Pesticides Hit Bumblebee Reproduction

By Charlotte Dormer (Plante Earth Online - June 12, 2012)

Exposure to pesticides can harm bumblebee reproduction, research has shown. Scientists think the pesticides cut feeding rates, leading to fewer offspring being produced.

Scientists already knew that neonicotinoid pesticides, which affect insects' nervous systems, can alter bee behaviour, putting these vital pollinators, already threatened by habitat loss and disease, further at risk.

This new piece of research shows that bumblebees with diets contaminated with levels of neonicotinoid pesticide typically found in the environment produce up to a third fewer offspring.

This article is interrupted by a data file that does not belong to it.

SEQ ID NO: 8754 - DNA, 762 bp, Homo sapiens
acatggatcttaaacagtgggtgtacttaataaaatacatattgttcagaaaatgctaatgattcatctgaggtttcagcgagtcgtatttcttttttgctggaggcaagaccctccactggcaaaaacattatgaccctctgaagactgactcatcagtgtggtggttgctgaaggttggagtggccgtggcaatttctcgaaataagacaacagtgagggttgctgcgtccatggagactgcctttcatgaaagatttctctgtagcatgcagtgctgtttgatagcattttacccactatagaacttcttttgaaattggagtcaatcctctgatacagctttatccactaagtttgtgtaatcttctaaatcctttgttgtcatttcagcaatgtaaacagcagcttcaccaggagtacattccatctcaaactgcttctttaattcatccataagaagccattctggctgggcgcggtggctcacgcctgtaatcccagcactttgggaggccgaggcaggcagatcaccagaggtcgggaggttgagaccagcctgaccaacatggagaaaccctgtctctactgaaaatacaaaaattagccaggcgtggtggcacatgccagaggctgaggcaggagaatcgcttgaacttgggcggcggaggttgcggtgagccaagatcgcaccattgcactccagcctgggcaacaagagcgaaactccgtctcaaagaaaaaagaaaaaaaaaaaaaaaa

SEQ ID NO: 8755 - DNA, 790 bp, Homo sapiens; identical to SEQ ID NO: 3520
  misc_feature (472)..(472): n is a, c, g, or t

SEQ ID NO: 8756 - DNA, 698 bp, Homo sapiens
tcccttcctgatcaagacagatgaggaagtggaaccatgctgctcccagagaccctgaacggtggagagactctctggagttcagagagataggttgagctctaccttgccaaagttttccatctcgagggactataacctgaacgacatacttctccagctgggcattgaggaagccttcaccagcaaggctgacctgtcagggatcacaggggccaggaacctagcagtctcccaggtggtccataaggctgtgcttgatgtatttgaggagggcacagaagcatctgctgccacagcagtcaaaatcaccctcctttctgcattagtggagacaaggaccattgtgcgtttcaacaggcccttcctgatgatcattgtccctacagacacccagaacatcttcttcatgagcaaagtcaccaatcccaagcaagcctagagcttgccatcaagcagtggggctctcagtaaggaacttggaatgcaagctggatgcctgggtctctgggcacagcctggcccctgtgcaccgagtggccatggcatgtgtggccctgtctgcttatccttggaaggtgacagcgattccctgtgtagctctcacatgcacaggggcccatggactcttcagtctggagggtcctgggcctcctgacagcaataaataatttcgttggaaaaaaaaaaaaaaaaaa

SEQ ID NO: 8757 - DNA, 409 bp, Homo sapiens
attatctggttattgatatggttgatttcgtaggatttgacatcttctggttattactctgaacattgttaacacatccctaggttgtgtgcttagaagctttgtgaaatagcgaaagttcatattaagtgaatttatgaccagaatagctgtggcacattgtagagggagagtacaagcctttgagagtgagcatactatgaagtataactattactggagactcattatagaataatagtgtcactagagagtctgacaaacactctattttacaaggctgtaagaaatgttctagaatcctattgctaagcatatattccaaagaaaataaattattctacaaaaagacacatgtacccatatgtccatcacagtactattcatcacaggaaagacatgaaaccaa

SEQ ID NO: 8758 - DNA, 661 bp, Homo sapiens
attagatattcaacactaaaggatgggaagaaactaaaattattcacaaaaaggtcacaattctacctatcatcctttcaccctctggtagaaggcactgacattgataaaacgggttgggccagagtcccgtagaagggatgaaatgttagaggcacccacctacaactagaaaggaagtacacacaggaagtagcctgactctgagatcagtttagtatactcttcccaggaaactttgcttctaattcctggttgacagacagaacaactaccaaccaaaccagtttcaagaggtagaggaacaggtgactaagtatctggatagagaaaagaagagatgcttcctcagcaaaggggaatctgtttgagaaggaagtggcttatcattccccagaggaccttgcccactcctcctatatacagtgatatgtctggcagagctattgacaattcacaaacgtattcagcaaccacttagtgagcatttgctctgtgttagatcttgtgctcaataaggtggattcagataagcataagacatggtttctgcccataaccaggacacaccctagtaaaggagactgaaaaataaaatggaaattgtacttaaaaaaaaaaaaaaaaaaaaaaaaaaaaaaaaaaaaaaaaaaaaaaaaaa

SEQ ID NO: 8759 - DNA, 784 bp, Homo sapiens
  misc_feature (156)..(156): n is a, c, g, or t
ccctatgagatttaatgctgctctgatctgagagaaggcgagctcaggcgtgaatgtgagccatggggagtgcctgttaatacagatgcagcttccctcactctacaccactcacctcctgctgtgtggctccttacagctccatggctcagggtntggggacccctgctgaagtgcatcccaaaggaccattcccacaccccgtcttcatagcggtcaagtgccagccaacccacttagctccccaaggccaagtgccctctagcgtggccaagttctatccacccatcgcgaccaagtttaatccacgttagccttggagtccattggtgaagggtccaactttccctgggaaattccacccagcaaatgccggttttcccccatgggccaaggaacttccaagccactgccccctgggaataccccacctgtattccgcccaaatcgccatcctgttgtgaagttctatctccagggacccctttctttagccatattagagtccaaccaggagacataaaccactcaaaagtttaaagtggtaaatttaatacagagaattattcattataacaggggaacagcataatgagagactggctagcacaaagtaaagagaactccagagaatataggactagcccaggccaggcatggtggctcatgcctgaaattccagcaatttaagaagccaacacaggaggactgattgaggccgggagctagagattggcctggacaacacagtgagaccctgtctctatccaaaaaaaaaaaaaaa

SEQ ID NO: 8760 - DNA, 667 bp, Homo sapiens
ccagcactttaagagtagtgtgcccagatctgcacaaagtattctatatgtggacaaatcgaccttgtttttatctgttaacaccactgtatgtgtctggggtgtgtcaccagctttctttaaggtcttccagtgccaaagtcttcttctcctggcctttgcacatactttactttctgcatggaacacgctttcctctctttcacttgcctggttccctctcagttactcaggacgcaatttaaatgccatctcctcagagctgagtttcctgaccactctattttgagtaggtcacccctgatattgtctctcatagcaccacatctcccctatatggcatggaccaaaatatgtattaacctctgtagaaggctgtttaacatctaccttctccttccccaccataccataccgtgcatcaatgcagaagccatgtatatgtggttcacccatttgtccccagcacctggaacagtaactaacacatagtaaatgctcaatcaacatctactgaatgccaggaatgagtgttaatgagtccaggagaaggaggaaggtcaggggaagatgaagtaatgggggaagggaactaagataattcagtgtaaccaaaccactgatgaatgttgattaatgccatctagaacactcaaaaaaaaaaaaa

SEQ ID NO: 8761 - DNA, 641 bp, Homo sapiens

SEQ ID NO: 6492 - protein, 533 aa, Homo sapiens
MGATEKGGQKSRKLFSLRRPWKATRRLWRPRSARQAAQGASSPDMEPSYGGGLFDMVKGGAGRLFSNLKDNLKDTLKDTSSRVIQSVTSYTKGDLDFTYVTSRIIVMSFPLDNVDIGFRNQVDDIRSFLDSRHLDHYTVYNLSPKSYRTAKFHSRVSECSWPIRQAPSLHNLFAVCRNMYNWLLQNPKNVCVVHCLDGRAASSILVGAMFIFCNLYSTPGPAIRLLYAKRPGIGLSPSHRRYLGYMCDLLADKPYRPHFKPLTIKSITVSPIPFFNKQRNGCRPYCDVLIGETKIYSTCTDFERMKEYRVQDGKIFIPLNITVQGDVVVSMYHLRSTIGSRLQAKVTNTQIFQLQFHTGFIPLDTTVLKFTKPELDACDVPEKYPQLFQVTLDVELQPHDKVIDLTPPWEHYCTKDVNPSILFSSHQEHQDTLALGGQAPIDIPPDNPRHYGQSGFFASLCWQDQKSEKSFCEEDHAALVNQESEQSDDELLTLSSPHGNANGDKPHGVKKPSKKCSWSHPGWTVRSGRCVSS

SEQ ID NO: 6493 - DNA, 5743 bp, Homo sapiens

The scientists looked at other ways that neonicotinoids could have affected reproduction. They found the pesticides do not damage the development of ovaries or delay egg-laying, except at really high doses. But they noticed that the more pesticide a bumblebee ingested, the less pollen and syrup it ate. So exposed bees...